Founded in 1886, the Palms area was initially established to serve tourists on vacation and agricultural community. Prior to that, it had been part of Rancho La Ballona, a vast cattle and sheep farm run by the Machado family. After the completion of the transcontinental railroad, the first of many Los Angeles real estate booms took off as families flocked to the “California promised land”.
The name “Palms” is rooted in the efforts of 3 land developers who, in the mid-1880s, planted an 8 mile corridor of palm trees in what was then the central point for what would become the Red Car system. As residential growth continued throughout the start of the 20th century, the efforts of Los Angeles to annex the Palms area became intertwined with the battle for water rights just before World War I.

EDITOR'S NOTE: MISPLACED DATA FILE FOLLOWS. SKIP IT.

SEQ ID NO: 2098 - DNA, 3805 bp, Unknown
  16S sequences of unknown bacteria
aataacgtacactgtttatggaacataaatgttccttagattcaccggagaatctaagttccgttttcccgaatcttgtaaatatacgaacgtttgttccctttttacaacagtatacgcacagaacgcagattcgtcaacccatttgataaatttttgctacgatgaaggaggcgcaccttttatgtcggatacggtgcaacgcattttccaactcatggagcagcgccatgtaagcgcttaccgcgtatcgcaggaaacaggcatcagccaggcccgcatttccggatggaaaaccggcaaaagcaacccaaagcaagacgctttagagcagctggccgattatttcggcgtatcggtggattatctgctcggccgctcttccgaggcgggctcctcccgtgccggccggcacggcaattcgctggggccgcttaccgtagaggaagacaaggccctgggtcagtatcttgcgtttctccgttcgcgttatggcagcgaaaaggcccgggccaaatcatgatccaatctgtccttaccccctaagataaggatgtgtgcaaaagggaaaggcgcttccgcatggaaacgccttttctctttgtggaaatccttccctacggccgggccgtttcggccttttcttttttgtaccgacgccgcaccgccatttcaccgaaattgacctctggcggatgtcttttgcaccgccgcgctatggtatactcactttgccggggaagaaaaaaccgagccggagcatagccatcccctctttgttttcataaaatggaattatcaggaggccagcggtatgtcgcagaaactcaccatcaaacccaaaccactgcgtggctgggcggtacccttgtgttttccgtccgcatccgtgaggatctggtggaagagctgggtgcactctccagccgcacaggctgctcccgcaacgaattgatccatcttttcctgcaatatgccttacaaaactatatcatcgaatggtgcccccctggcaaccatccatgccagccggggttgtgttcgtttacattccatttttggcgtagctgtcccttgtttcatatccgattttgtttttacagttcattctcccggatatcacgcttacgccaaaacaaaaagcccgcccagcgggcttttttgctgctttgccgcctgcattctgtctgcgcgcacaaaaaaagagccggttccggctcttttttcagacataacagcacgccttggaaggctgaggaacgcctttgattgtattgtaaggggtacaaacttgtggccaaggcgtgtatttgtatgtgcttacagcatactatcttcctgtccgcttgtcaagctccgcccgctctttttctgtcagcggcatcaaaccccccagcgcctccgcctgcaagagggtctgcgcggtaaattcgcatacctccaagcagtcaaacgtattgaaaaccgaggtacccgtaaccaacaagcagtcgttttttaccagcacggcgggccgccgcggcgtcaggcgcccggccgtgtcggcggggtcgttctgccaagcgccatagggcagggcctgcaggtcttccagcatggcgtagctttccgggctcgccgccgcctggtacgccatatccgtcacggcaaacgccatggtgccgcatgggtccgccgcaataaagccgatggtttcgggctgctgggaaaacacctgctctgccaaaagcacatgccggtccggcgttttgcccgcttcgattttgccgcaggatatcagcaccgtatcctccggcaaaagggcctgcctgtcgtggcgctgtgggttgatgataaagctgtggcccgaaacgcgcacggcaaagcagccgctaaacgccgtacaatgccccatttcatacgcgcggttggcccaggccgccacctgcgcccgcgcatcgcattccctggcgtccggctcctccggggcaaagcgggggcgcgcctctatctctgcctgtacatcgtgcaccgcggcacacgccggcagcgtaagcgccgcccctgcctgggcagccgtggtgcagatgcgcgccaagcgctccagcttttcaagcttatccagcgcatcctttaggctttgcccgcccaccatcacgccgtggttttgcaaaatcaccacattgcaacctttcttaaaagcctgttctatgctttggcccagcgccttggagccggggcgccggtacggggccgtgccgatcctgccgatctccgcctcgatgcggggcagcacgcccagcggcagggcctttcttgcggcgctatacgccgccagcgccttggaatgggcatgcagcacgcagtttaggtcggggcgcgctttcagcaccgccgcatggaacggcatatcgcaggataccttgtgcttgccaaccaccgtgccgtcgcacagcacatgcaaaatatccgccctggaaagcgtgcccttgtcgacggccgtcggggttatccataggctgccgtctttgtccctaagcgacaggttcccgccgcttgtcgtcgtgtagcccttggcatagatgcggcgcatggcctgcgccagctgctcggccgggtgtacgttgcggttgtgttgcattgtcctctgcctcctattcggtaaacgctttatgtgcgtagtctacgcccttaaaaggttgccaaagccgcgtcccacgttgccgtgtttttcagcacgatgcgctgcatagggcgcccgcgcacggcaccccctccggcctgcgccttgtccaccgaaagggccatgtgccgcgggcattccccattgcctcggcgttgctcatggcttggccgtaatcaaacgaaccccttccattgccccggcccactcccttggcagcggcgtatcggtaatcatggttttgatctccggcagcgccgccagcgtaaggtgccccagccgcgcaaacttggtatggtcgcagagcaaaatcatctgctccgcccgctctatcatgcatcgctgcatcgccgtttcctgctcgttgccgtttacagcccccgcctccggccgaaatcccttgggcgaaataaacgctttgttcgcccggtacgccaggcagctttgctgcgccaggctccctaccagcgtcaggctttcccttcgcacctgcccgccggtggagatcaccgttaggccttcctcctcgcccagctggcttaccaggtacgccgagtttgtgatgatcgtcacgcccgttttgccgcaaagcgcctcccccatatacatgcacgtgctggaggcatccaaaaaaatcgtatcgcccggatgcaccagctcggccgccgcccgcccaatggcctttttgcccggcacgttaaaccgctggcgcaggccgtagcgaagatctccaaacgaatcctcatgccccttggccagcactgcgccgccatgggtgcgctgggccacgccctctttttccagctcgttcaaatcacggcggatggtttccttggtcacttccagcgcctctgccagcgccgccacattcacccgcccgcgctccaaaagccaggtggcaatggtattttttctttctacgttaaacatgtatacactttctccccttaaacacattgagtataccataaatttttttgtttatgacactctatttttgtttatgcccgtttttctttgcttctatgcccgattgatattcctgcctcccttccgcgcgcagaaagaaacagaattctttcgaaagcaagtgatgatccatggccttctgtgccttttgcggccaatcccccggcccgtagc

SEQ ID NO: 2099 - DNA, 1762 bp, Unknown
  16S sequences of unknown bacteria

Today, the agricultural powerhouse that was the Palms area is now an affordable, high-density neighborhood providing young professionals and students at UCLA access to the greater Westside. The area will soon flourish with the build out of the Expo Rail Line and there is the strong potential to capitalize on the cultural diversity of the residents in the form of what could be a vibrant, eclectic corridor of restaurants and cafes similar to the downtown area of neighboring Culver City.
I love the palms neighborhood because it stands as the perfect example of the American “melting pot”. In one area, you have both the Iranian-American Muslim Association of North America and the International Society of Krishna Consciousness. It is the center of LA’s Brazilian community and home to numerous Pakistani and Indian restaurants.